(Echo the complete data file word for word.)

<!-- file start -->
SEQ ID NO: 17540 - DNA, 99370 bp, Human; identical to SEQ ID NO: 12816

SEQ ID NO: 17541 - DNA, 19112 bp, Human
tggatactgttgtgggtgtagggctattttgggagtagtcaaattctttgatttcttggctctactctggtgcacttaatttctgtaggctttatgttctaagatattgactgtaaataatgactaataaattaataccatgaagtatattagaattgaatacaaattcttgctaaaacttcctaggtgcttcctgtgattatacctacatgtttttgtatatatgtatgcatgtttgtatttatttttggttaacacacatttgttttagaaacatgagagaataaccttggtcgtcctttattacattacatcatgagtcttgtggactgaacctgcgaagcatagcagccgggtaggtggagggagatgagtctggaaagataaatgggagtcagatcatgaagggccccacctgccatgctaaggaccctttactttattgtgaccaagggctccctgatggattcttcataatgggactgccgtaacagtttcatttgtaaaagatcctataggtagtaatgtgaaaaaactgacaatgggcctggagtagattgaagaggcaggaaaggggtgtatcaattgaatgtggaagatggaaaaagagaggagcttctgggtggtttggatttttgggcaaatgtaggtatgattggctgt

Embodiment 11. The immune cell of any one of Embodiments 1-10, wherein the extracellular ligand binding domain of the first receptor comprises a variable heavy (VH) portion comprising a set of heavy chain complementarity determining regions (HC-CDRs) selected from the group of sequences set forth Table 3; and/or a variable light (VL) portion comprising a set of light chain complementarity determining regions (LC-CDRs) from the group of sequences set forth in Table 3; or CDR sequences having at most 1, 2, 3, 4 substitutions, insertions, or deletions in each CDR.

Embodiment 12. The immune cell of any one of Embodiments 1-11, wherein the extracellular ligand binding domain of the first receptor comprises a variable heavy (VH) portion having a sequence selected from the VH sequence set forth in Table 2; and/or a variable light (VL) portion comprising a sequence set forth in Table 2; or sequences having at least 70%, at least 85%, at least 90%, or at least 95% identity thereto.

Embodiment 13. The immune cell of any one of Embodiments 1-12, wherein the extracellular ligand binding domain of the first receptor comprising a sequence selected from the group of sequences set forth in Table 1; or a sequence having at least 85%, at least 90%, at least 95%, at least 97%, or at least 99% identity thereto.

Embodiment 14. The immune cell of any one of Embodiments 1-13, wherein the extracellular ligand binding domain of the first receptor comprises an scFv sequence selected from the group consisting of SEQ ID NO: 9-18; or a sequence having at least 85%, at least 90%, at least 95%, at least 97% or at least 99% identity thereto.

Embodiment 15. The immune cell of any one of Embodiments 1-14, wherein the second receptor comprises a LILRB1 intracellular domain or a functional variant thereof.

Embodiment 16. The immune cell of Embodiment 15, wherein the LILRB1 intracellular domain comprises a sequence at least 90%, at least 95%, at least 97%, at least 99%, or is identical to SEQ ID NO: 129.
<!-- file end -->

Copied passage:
SEQ ID NO: 17540 - DNA, 99370 bp, Human; identical to SEQ ID NO: 12816

SEQ ID NO: 17541 - DNA, 19112 bp, Human
tggatactgttgtgggtgtagggctattttgggagtagtcaaattctttgatttcttggctctactctggtgcacttaatttctgtaggctttatgttctaagatattgactgtaaataatgactaataaattaataccatgaagtatattagaattgaatacaaattcttgctaaaacttcctaggtgcttcctgtgattatacctacatgtttttgtatatatgtatgcatgtttgtatttatttttggttaacacacatttgttttagaaacatgagagaataaccttggtcgtcctttattacattacatcatgagtcttgtggactgaacctgcgaagcatagcagccgggtaggtggagggagatgagtctggaaagataaatgggagtcagatcatgaagggccccacctgccatgctaaggaccctttactttattgtgaccaagggctccctgatggattcttcataatgggactgccgtaacagtttcatttgtaaaagatcctataggtagtaatgtgaaaaaactgacaatgggcctggagtagattgaagaggcaggaaaggggtgtatcaattgaatgtggaagatggaaaaagagaggagcttctgggtggtttggatttttgggcaaatgtaggtatgattggctgt

Embodiment 11. The immune cell of any one of Embodiments 1-10, wherein the extracellular ligand binding domain of the first receptor comprises a variable heavy (VH) portion comprising a set of heavy chain complementarity determining regions (HC-CDRs) selected from the group of sequences set forth Table 3; and/or a variable light (VL) portion comprising a set of light chain complementarity determining regions (LC-CDRs) from the group of sequences set forth in Table 3; or CDR sequences having at most 1, 2, 3, 4 substitutions, insertions, or deletions in each CDR.

Embodiment 12. The immune cell of any one of Embodiments 1-11, wherein the extracellular ligand binding domain of the first receptor comprises a variable heavy (VH) portion having a sequence selected from the VH sequence set forth in Table 2; and/or a variable light (VL) portion comprising a sequence set forth in Table 2; or sequences having at least 70%, at least 85%, at least 90%, or at least 95% identity thereto.

Embodiment 13. The immune cell of any one of Embodiments 1-12, wherein the extracellular ligand binding domain of the first receptor comprising a sequence selected from the group of sequences set forth in Table 1; or a sequence having at least 85%, at least 90%, at least 95%, at least 97%, or at least 99% identity thereto.

Embodiment 14. The immune cell of any one of Embodiments 1-13, wherein the extracellular ligand binding domain of the first receptor comprises an scFv sequence selected from the group consisting of SEQ ID NO: 9-18; or a sequence having at least 85%, at least 90%, at least 95%, at least 97% or at least 99% identity thereto.

Embodiment 15. The immune cell of any one of Embodiments 1-14, wherein the second receptor comprises a LILRB1 intracellular domain or a functional variant thereof.

Embodiment 16. The immune cell of Embodiment 15, wherein the LILRB1 intracellular domain comprises a sequence at least 90%, at least 95%, at least 97%, at least 99%, or is identical to SEQ ID NO: 129.